January 11, 2022
He stood there in the baggage check line at Los Angeles International Airport on the afternoon of Sunday, January 2 like everyone else. Marvin Harrison Jr. was waiting there in his grey Ohio State sweatshirt, with a black Ohio State Rose Bowl backpack on, when someone behind him asked, "Excuse me, didn't you just play in the Rose Bowl?"
Harrison turned, nodded his head and politely said "Yes, sir."
The gentleman said, "Marvin Harrison Jr., right?"
He asked Harrison to take a selfie with the former St. Joseph's Prep star. Marvin obliged. A few minutes later, in line at Panda Express at LAX, Harrison was once again approached by someone else asking for a selfie, while others passing by were curious as to who he was. Just before he boarded the plane back to Philly, Harrison was stopped yet again, this time with Ohio State teammate Julian Fleming for a picture with the two of them.
It was just the beginning. That was just the second time Marvin Harrison Jr. was in an airport by himself. His days of public travel may be ending quickly.
The rising 6-foot-3-1/2, 205-pound Ohio State freshman receiver is going to be mobbed by far more people in airports — and everywhere he goes — if he continues catching touchdown passes like he did three times in Ohio State's 48-45 Rose Bowl victory over Utah.
Harrison made his first college start in the Rose Bowl after the Buckeyes' potential first-round receivers Garrett Wilson and Chris Olave declared for the 2022 NFL draft on December 27 and opted out of the game.
That placed the onus on Harrison to deliver.
What the nation saw was new to them, though nothing new to anyone who follows Philadelphia high school football. Harrison caught six passes for 71 yards and three TDs, averaging 11.8 yards a catch in his college starting debut.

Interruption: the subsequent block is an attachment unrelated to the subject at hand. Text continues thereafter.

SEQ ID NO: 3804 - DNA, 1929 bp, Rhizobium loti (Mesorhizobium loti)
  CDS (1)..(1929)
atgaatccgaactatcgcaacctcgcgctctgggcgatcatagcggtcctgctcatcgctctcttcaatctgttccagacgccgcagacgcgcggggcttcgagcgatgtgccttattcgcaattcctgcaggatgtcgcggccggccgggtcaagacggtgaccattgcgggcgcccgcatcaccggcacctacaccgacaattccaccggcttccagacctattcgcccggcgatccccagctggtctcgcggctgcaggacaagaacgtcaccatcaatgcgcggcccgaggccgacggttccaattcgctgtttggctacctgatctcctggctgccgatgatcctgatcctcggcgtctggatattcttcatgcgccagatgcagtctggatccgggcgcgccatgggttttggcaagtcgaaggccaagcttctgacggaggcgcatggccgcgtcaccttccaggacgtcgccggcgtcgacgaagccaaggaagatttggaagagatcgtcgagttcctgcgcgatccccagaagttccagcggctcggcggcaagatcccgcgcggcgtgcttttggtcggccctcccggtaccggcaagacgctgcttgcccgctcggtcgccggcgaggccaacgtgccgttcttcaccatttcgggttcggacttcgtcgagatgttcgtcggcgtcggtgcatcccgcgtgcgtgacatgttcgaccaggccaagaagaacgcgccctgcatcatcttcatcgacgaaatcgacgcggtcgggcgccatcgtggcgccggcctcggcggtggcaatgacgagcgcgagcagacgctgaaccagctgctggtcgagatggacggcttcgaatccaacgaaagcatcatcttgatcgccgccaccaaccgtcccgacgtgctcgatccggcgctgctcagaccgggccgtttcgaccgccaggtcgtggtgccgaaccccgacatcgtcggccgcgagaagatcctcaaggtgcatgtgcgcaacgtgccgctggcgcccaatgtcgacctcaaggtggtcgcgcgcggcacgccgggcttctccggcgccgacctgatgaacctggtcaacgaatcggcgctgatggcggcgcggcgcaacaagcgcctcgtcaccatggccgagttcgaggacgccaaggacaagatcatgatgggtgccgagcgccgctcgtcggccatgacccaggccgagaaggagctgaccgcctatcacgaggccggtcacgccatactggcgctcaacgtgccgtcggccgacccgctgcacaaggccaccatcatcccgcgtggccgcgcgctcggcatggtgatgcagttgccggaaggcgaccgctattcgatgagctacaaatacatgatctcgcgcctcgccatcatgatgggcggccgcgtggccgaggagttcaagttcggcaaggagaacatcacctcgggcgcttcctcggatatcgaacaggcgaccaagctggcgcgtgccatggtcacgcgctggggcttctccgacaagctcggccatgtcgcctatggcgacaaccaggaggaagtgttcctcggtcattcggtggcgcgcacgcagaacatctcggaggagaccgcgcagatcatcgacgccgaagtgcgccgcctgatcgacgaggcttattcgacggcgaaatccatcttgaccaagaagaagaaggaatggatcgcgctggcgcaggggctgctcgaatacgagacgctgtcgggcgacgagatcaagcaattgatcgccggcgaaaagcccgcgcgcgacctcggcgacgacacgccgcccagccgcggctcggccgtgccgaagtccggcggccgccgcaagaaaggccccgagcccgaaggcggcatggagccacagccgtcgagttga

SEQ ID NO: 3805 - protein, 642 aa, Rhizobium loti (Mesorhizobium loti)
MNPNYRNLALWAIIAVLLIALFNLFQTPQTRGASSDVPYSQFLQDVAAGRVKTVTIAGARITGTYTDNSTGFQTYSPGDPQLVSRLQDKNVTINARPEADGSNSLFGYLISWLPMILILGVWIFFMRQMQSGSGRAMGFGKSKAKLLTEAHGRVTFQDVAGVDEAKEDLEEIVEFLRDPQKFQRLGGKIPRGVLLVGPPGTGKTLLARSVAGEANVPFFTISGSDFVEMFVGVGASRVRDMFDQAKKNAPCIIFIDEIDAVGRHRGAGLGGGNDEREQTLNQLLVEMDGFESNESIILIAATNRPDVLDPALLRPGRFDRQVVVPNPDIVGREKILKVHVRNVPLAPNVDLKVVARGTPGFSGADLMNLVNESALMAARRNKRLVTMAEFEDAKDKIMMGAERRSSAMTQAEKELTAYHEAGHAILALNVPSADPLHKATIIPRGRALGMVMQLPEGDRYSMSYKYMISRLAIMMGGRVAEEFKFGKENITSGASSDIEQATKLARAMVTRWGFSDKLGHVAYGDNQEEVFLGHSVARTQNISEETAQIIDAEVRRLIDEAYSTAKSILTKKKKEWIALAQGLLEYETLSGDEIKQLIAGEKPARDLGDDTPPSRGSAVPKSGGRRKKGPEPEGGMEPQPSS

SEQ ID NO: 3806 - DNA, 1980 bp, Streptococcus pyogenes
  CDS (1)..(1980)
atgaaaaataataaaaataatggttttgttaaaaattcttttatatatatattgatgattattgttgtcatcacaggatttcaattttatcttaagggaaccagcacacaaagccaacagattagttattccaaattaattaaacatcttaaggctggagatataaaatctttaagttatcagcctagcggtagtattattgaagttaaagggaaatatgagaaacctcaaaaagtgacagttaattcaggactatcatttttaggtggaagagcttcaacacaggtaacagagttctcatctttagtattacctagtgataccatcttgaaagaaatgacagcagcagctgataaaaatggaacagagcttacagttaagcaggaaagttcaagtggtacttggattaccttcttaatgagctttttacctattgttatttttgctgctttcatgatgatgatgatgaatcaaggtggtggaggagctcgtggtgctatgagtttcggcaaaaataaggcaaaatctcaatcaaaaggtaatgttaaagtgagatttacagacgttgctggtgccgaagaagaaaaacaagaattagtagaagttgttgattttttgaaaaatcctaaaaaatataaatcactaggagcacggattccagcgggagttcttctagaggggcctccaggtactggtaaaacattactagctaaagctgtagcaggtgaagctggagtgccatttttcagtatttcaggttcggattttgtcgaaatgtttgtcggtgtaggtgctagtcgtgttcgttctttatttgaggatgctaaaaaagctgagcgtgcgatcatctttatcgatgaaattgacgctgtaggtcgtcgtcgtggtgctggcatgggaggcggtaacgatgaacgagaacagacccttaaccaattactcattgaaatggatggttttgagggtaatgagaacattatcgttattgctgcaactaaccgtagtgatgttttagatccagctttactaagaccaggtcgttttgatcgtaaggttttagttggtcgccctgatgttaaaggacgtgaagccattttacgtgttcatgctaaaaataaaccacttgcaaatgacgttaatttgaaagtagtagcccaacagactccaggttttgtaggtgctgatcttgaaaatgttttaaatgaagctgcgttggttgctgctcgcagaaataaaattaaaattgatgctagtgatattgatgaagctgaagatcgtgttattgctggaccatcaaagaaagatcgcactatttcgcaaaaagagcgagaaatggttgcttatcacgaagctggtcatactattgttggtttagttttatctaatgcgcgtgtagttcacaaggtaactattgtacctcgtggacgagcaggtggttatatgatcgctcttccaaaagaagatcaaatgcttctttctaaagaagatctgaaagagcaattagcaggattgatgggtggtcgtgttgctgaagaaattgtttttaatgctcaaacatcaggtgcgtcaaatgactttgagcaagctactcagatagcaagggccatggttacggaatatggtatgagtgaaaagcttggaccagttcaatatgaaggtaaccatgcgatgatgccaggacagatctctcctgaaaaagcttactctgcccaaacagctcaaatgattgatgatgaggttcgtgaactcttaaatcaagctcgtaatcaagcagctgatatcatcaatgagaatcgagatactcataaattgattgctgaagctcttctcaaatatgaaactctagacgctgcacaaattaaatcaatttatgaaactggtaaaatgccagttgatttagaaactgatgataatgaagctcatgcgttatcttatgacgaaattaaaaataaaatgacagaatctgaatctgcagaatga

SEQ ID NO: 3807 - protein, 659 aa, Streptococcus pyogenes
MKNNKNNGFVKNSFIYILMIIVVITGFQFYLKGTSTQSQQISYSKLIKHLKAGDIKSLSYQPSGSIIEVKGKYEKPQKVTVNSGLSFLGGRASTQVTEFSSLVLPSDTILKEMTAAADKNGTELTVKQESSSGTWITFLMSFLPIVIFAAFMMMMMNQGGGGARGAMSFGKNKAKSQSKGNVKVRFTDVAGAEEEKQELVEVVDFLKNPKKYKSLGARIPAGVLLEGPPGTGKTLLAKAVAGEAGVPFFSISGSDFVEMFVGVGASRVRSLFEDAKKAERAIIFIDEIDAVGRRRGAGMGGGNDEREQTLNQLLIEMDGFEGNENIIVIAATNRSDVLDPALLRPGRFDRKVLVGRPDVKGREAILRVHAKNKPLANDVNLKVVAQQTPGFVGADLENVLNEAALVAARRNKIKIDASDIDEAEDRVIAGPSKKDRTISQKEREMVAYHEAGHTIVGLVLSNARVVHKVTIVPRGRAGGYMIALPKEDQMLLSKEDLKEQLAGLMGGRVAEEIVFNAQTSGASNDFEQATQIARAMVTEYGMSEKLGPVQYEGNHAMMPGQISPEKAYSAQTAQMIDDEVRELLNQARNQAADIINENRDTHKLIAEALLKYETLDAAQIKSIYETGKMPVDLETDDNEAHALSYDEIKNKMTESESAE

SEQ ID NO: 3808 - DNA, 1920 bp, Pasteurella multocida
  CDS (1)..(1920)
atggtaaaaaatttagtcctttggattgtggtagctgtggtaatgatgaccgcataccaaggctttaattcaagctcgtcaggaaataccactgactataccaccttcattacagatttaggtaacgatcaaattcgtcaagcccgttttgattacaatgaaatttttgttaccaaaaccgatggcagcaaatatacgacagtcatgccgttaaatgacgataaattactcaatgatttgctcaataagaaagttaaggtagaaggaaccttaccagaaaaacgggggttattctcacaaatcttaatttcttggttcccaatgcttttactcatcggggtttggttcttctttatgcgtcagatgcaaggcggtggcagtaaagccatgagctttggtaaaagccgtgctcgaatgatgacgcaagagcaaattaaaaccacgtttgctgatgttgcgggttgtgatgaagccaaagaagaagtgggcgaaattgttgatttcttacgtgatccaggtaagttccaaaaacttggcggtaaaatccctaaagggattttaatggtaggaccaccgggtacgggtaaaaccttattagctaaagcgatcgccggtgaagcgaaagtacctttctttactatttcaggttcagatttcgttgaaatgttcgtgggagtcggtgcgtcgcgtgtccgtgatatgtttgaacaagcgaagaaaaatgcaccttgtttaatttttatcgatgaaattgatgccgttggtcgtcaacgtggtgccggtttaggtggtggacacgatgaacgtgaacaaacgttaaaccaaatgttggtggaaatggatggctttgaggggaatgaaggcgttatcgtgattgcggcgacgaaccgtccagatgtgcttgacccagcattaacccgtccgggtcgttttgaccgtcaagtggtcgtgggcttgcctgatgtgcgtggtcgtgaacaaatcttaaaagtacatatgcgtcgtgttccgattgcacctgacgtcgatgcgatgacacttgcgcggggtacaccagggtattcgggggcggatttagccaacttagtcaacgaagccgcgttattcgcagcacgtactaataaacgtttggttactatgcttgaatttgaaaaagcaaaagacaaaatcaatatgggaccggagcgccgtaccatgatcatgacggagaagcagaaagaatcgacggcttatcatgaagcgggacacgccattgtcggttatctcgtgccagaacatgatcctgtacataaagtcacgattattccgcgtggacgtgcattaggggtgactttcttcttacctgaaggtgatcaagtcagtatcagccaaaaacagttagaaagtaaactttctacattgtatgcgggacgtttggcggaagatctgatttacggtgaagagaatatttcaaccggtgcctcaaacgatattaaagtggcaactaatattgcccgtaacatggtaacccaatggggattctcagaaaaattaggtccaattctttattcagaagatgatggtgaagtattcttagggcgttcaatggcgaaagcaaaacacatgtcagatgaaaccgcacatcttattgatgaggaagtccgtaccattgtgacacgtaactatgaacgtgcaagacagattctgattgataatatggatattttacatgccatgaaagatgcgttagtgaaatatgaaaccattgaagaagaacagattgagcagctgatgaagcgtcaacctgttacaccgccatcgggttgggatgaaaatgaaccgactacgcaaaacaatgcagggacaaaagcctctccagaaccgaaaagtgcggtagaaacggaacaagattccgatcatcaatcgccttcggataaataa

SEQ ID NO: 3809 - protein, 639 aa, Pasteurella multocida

The true freshman suited up for every game and in four games played, including the Rose Bowl, made 11 catches for 139 yards, averaging 12.6 yards a catch, his longest going for 25 yards — and made a tackle for a safety against Indiana.
"I never had a safety in my life, and I don't think I ever made a tackle in my life before the Indiana game," Harrison said, laughing. "I knew who I was behind with Garrett and Chris. I'm trying to get where they are, and I learned what they did every day. I saw their preparation throughout the week.
"I room with Chris on the road and he's like a big brother to me. We have a big-brother, little-brother program at Ohio State and Chris is my big brother. He was always helpful to me. He's a great teammate. After the Rose Bowl he came up and told me how proud he was of me."
Harrison wore No. 8 at St. Joe's Prep. He says he's staying with No. 18 at Ohio State, after his father, NFL Hall of Famer Marvin Harrison, wore No. 88 throughout his career. Marvin Jr. is a second semester freshman carrying a 3.3 GPA in business finance. His mother, Dawne Avery, was a former track star, and has made it a priority that Marvin Jr. graduate college.
Four days after Harrison played in the Rose Bowl, he was working out with his St. Joe's Prep passing buddy and current Ohio State backup quarterback Kyle McCord at a South Jersey sports facility with their former Prep teammate and current Temple Owl Malik Cooper.